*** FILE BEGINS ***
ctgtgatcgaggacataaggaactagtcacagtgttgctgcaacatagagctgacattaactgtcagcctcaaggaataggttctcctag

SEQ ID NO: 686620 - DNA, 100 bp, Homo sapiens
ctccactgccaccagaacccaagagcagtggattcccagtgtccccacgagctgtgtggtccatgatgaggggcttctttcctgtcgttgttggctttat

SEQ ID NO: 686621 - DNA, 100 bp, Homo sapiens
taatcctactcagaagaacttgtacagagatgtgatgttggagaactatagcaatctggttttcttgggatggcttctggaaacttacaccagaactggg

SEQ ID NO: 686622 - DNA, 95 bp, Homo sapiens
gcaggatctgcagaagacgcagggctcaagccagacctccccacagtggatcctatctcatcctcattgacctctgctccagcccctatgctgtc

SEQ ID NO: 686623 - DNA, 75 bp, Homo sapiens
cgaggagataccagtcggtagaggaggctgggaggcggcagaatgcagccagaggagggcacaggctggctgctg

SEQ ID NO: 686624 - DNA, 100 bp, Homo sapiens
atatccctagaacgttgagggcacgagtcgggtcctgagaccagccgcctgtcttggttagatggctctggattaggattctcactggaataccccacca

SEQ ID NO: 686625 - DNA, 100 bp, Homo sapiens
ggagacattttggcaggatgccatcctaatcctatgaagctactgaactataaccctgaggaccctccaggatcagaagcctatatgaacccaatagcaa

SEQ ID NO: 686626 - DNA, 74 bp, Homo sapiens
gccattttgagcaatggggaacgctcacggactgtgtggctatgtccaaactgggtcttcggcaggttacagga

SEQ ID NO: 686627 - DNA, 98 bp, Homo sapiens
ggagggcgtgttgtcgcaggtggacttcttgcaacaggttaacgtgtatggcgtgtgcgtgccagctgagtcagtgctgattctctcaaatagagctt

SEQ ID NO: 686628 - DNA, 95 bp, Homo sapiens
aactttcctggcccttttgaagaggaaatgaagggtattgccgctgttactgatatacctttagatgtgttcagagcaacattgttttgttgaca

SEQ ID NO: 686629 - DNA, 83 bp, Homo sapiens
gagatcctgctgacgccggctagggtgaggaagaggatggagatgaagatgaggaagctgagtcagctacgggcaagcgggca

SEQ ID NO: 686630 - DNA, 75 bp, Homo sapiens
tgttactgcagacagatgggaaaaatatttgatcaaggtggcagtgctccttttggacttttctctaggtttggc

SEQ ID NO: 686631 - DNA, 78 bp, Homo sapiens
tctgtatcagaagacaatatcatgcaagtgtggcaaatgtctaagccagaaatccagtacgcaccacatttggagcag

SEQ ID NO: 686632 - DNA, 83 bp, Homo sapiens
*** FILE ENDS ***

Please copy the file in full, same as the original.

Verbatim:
ctgtgatcgaggacataaggaactagtcacagtgttgctgcaacatagagctgacattaactgtcagcctcaaggaataggttctcctag

SEQ ID NO: 686620 - DNA, 100 bp, Homo sapiens
ctccactgccaccagaacccaagagcagtggattcccagtgtccccacgagctgtgtggtccatgatgaggggcttctttcctgtcgttgttggctttat

SEQ ID NO: 686621 - DNA, 100 bp, Homo sapiens
taatcctactcagaagaacttgtacagagatgtgatgttggagaactatagcaatctggttttcttgggatggcttctggaaacttacaccagaactggg

SEQ ID NO: 686622 - DNA, 95 bp, Homo sapiens
gcaggatctgcagaagacgcagggctcaagccagacctccccacagtggatcctatctcatcctcattgacctctgctccagcccctatgctgtc

SEQ ID NO: 686623 - DNA, 75 bp, Homo sapiens
cgaggagataccagtcggtagaggaggctgggaggcggcagaatgcagccagaggagggcacaggctggctgctg

SEQ ID NO: 686624 - DNA, 100 bp, Homo sapiens
atatccctagaacgttgagggcacgagtcgggtcctgagaccagccgcctgtcttggttagatggctctggattaggattctcactggaataccccacca

SEQ ID NO: 686625 - DNA, 100 bp, Homo sapiens
ggagacattttggcaggatgccatcctaatcctatgaagctactgaactataaccctgaggaccctccaggatcagaagcctatatgaacccaatagcaa

SEQ ID NO: 686626 - DNA, 74 bp, Homo sapiens
gccattttgagcaatggggaacgctcacggactgtgtggctatgtccaaactgggtcttcggcaggttacagga

SEQ ID NO: 686627 - DNA, 98 bp, Homo sapiens
ggagggcgtgttgtcgcaggtggacttcttgcaacaggttaacgtgtatggcgtgtgcgtgccagctgagtcagtgctgattctctcaaatagagctt

SEQ ID NO: 686628 - DNA, 95 bp, Homo sapiens
aactttcctggcccttttgaagaggaaatgaagggtattgccgctgttactgatatacctttagatgtgttcagagcaacattgttttgttgaca

SEQ ID NO: 686629 - DNA, 83 bp, Homo sapiens
gagatcctgctgacgccggctagggtgaggaagaggatggagatgaagatgaggaagctgagtcagctacgggcaagcgggca

SEQ ID NO: 686630 - DNA, 75 bp, Homo sapiens
tgttactgcagacagatgggaaaaatatttgatcaaggtggcagtgctccttttggacttttctctaggtttggc

SEQ ID NO: 686631 - DNA, 78 bp, Homo sapiens
tctgtatcagaagacaatatcatgcaagtgtggcaaatgtctaagccagaaatccagtacgcaccacatttggagcag

SEQ ID NO: 686632 - DNA, 83 bp, Homo sapiens